What are you missing out on while you are so busy judging and criticizing? Is there a better way to live? What do you  need to do to reclaim your lost sense of wonder?  Is it time to experience life for life’s sake and not gripe and complain about what it is not?

All too often in life, we tend to reject a bouquet of wild flowers because we are fond of roses. We miss enjoying a perfectly above average “B+” experience because it did lot live up to our “A+” expectation.  Maybe we would be happier if we remembered that “C” answers are still satisfactory.

You be the judge.

P.S. The IMA is wonderful and well worth the price of admission…FREE! Please visit and support the arts.

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Dominos, Butterflies, and You-Make a Difference!


Image: Istockphoto.com

 

Have you been knocked over lately? 

“On 12 August 2010, Ordos City, located in the Inner Mongolia Autonomous Region in China, became the venue of a new Guinness World Records™ achievement for the longest human domino line. The record was achieved by 10,267 participants who formed a human domino line…” according to www.guinessworldrecords.com. Longest human domino line – China, Guinness World Records Blog post

This noble endeavor required 10,267 people to knock each other down one after another. This amazing, if not a little bit odd, feat was started by the action of one single person. Someone choose to be the first human domino or shall we say, the first to fall. 

Our Mongolian brothers and sisters provided us with a living example of the so-called “Domino Effect.” Intrigued, I searched Wikipedia, the free encyclopedia, and found the following post, “The domino effect is a chain reaction that occurs when a small change causes a similar change nearby, which then will cause another similar change, and so on in linear sequence. The term is best known as a mechanical effect, and is used as an analogy to a falling row of dominoes. It typically refers to a linked sequence of events where the time between successive events is relatively small. It can be used literally (an observed series of actual collisions) or metaphorically (complex systems such as global finance, or in politics, where linkage is only a hypothesis).” 

Living Domino Effects

The catalysis for my sudden domino fixation were a series of seemingly unrelated personal experiences that appear to be causing various domino effects from me to other people. Some of them were somewhat intentional, while others were completely unintended. Like a virus, these contacts spread from me to someone else, who bumped them into someone else and it made me think about the consequences of me just being me. 

You’ve probably heard or have been e-forwarded the tale of the beach encounter between two men written by author and poet, Loren Eisley called “The Star Thrower.” A man observes another man engaging in the absurd effort of throwing starfish, which had washed up onto the beach, back into the ocean. When asked why he was doing such a futile task, given that there were no-doubt millions of stranded starfish on the beach and that his actions could not possibly make a difference, the man replied with a starfish toss, “it made a difference to that one.” 

The Butterfly Effect

In 1960, MIT meteorologist Edward Lorenz, dramatically changed scientific thought by proposing what he called “The Butterfly Effect” to explain the unpredictable nature of weather. Lorenz theorized that when a butterfly flutters its wings in Beijing in March, the Atlantic hurricane patterns in August can be completely altered.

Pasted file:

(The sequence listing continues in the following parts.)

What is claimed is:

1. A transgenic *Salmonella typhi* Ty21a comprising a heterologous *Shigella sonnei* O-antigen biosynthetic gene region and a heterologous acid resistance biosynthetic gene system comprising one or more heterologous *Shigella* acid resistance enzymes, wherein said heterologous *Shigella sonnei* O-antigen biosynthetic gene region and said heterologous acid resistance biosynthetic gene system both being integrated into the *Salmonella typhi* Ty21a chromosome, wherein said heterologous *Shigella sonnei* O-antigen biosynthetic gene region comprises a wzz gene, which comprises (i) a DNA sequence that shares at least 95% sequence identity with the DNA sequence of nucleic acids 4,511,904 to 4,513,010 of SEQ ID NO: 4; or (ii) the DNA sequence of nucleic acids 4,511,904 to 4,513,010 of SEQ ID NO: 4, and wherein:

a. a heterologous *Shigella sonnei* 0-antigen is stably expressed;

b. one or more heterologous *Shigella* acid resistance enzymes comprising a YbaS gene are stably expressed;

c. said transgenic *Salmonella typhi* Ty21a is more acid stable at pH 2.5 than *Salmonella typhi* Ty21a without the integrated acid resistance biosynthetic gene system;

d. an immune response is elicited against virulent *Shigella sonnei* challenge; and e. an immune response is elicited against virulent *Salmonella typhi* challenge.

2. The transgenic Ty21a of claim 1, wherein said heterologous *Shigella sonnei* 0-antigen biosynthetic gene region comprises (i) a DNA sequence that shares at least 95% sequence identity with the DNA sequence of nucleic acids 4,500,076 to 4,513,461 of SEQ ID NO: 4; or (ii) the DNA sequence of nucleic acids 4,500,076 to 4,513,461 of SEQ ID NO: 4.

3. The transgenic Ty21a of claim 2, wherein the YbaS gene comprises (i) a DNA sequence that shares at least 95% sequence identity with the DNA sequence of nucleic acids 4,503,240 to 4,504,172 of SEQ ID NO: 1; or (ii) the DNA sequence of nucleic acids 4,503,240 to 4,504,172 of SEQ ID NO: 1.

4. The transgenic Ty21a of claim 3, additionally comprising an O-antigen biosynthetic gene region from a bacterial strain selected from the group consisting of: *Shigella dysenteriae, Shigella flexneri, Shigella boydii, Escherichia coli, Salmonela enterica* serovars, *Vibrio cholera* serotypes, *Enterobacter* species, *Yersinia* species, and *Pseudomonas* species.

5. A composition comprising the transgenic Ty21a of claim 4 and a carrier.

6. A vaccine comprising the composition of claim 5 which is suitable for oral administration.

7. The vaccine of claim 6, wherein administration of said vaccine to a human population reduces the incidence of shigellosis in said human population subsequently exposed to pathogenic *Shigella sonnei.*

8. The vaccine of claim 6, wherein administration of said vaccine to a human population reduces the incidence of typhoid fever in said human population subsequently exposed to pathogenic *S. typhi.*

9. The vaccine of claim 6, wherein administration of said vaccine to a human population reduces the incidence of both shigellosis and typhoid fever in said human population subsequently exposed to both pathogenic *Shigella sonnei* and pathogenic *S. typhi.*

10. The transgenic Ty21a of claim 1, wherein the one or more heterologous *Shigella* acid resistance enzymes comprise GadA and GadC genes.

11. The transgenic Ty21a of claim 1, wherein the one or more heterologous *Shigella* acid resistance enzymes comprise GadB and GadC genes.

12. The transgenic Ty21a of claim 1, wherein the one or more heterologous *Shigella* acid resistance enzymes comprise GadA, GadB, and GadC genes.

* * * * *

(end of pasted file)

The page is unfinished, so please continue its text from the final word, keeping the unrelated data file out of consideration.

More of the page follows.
If one little flap of a butterfly’s wings can have big impact on our world as a whole, imagine what one of our small actions can have on our immediate surroundings? We may unintentionally alter the course of history by choosing to act one time. It’s a proven fact that we can make a difference! 

The butterfly has no way of knowing the ultimate impact of its action and neither can we foresee the ripples our actions create. What if even the micro vibrations of our thoughts start a domino effect? Think how many times Mr. Eiseley’s “Star Thrower” story has been passed from person to person. Consider the spiritual tsunami created by the teachings of a Jewish tradesman who ended up being publicly executed by the government of his time. There was no high-speed Internet to tweet the news, just campfire whispers, breathed over and over again across the ages, quite possibly changing the lives eternally of many who were knocked over by this biblical domino. How would our world be different if all of Jesus’ disciples decided to return to their old fishing and tax collecting jobs and decided to never tell their story again? 

Your Effect

The chain of our existence is a fragile one made up of small choices and little actions. 

My former pastor tended to end each Sunday’s message with, “The way you live your faith matters!” He’s right. How we think and live is how we flutter our invisible butterfly wings and we begin to bump into other kindred spirits and domino on and on for better or for worse. 

A young woman, whom I work with, bumped into me in a hallway and stopped me to say that my book “Life Matches: Fire Up Your Life!” had profoundly influenced her life in a positive way. I actually could see inner flame burning brightly during this humbling exchange as she detailed her unexpected transformational experience to a more fired up life. Our brief encounter was made all the richer for me when she told me that she had only read the introduction and the first chapter of my book, but couldn’t wait to finish the rest. As a human domino, I was knocked over. 

As I wrote the book, I certainly did not have my co-worker in-mind. I had just been given a story to tell and the time to tell it. No biggie. When I think of the strangers who I will most-likely never meet that may be changed even a little as a result of my laptop hours typing at my kitchen desk, I am awed by the enormity of the possibilities. I may not have written a best-seller. I will never make a penny’s profit from my efforts, since the proceeds are donated to a non-profit charity. Yet, it doesn’t matter at all to me. Because like our star throwing friend on the beach, I made a difference to at least one person and the feeling of satisfaction that I savored as a result, was worth the effort! Mission accomplished. Well done.